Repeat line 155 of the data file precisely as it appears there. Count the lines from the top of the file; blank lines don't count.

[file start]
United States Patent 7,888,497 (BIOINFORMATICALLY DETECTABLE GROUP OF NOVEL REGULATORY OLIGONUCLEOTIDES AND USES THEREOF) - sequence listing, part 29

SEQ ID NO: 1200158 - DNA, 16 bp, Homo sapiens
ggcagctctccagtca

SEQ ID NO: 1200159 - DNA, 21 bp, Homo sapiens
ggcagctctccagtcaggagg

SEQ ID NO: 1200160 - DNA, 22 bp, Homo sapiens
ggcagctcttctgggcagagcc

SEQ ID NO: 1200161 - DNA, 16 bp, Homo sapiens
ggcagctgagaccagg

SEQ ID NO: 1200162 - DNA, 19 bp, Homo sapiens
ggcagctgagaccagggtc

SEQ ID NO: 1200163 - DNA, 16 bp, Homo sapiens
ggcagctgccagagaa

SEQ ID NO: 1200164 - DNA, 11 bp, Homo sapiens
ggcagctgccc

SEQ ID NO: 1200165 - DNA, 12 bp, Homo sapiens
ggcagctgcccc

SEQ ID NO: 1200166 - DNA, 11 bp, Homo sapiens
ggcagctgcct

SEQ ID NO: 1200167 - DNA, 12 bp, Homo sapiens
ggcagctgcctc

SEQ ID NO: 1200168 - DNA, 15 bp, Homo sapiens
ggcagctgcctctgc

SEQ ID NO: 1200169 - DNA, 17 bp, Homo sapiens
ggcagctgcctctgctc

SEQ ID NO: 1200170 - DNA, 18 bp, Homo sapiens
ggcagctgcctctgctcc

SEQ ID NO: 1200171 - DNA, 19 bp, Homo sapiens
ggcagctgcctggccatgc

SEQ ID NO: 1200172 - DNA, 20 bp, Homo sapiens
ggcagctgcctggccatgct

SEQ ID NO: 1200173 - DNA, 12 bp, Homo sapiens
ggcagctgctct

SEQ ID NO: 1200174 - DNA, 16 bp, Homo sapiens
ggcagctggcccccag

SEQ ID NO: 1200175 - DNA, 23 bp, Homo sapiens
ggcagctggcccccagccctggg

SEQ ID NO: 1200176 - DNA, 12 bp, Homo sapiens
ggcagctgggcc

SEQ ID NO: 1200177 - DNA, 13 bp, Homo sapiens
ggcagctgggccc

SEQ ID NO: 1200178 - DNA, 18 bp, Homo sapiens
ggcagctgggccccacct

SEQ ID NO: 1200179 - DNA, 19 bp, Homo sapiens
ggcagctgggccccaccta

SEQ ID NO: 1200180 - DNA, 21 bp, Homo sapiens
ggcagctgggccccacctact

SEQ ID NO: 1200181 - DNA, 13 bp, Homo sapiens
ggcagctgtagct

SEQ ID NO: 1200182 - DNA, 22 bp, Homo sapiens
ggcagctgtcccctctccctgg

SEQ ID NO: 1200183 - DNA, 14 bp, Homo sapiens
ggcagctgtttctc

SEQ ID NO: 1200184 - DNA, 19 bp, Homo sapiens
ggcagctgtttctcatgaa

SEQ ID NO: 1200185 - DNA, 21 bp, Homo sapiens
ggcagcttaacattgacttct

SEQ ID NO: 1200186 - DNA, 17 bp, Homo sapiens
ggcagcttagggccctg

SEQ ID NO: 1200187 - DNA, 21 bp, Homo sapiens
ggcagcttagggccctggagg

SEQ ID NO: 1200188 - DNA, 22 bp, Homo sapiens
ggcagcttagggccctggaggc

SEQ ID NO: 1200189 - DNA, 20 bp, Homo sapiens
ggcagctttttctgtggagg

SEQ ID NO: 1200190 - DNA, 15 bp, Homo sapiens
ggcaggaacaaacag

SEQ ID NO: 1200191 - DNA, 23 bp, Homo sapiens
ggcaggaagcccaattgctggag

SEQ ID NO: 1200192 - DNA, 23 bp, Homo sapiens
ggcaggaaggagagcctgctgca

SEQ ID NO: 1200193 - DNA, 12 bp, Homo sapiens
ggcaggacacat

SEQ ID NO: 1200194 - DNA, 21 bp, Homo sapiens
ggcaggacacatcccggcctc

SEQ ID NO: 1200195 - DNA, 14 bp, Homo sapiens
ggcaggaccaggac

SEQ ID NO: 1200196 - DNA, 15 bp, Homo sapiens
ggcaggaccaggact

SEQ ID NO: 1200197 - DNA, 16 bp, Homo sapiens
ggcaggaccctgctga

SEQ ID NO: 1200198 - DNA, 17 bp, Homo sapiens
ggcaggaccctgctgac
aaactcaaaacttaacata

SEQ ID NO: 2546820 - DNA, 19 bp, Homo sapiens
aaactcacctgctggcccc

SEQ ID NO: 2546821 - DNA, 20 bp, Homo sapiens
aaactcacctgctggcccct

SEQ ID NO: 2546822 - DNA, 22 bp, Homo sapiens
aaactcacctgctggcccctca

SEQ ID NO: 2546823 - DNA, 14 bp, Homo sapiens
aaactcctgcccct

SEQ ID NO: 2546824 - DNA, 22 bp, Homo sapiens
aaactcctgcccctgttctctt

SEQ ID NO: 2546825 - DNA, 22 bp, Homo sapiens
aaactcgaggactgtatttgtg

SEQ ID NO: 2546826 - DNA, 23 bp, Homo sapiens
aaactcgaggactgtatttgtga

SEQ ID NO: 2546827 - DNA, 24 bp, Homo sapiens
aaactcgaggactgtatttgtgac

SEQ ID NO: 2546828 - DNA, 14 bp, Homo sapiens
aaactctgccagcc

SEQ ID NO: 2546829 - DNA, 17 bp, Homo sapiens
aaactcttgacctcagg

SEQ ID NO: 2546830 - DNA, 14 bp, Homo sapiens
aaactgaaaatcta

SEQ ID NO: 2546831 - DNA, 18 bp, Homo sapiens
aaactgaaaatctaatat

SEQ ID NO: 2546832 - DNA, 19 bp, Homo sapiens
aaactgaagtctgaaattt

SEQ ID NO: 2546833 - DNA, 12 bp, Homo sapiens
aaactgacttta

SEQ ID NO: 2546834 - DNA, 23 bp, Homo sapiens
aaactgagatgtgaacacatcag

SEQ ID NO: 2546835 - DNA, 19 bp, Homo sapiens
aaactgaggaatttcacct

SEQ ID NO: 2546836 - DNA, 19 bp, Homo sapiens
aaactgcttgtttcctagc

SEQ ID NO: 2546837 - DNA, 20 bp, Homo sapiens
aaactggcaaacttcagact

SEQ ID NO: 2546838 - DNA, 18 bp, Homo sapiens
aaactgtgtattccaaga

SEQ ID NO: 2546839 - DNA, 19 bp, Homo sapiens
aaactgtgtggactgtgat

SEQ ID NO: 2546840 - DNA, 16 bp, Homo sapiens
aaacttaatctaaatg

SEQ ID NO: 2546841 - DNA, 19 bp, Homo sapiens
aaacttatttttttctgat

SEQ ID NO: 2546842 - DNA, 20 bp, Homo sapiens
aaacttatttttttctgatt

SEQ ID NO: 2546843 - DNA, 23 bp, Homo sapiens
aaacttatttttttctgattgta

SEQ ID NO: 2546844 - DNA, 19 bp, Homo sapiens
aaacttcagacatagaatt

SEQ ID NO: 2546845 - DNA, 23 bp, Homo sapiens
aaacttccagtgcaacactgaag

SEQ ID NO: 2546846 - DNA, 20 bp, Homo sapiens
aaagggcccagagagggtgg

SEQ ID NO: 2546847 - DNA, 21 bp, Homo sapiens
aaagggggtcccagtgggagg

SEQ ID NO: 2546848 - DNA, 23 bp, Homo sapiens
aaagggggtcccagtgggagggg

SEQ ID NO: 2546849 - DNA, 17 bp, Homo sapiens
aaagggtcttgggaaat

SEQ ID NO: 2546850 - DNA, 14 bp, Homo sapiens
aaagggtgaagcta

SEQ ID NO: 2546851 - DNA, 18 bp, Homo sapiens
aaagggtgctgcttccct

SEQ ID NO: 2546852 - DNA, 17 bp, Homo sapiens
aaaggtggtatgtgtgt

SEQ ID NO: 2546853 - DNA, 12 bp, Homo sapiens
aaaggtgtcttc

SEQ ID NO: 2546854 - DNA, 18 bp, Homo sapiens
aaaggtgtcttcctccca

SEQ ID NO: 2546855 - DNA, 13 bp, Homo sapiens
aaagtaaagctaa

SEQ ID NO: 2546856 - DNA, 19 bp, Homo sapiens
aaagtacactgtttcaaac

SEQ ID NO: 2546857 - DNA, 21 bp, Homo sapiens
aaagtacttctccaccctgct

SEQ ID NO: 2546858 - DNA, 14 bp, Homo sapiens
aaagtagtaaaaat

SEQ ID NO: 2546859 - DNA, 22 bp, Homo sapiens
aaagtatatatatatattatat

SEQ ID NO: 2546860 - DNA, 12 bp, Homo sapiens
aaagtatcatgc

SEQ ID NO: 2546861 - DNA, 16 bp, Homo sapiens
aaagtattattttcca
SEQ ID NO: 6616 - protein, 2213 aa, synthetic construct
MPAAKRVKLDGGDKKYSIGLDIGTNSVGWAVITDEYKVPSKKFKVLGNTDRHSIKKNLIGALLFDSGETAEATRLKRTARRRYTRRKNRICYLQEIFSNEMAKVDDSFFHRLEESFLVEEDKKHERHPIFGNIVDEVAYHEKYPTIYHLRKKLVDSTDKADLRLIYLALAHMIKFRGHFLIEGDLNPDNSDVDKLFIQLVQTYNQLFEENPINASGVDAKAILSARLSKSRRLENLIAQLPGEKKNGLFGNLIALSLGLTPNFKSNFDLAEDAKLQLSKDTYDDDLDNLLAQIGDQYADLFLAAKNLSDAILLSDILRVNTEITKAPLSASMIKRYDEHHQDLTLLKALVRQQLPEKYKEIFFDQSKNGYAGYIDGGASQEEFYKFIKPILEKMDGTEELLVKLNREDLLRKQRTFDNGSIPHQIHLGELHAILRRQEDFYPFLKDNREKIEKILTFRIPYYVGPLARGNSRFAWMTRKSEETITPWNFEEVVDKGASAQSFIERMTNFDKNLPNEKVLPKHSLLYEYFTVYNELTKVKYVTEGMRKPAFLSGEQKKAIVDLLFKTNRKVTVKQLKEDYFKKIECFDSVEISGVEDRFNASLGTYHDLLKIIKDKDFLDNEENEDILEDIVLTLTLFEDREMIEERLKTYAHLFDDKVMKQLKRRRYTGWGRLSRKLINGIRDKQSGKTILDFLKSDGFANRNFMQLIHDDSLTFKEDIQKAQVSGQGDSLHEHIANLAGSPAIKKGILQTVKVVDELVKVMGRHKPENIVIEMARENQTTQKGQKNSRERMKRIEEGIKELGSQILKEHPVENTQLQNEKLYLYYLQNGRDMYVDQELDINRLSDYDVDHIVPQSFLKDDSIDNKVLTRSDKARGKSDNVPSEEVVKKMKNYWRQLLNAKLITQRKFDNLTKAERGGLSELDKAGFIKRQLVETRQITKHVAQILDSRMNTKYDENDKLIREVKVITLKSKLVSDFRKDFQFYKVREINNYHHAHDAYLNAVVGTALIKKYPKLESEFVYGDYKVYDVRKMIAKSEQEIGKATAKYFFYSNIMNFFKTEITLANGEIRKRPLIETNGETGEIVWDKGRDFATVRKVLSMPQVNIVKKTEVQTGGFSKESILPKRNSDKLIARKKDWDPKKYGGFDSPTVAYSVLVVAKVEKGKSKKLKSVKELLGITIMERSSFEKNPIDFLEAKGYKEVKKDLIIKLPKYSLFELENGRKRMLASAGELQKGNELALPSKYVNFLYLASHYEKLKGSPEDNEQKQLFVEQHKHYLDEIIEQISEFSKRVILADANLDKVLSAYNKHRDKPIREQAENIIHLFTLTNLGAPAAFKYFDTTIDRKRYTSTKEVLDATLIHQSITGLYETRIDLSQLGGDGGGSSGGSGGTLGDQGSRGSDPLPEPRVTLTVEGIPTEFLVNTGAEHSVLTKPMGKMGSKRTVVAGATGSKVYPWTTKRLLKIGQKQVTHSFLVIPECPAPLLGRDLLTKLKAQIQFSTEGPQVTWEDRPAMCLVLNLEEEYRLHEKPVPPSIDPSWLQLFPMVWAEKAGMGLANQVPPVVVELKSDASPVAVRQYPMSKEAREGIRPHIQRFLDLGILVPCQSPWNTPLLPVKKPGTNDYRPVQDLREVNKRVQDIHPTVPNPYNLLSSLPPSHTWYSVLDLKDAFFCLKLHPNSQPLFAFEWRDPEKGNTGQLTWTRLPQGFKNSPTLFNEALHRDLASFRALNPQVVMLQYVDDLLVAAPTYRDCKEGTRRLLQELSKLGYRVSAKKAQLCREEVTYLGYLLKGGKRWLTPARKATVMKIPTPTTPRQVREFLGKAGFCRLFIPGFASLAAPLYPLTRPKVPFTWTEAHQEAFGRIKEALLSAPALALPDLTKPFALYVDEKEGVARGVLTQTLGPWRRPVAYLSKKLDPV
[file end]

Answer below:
SEQ ID NO: 2546855 - DNA, 13 bp, Homo sapiens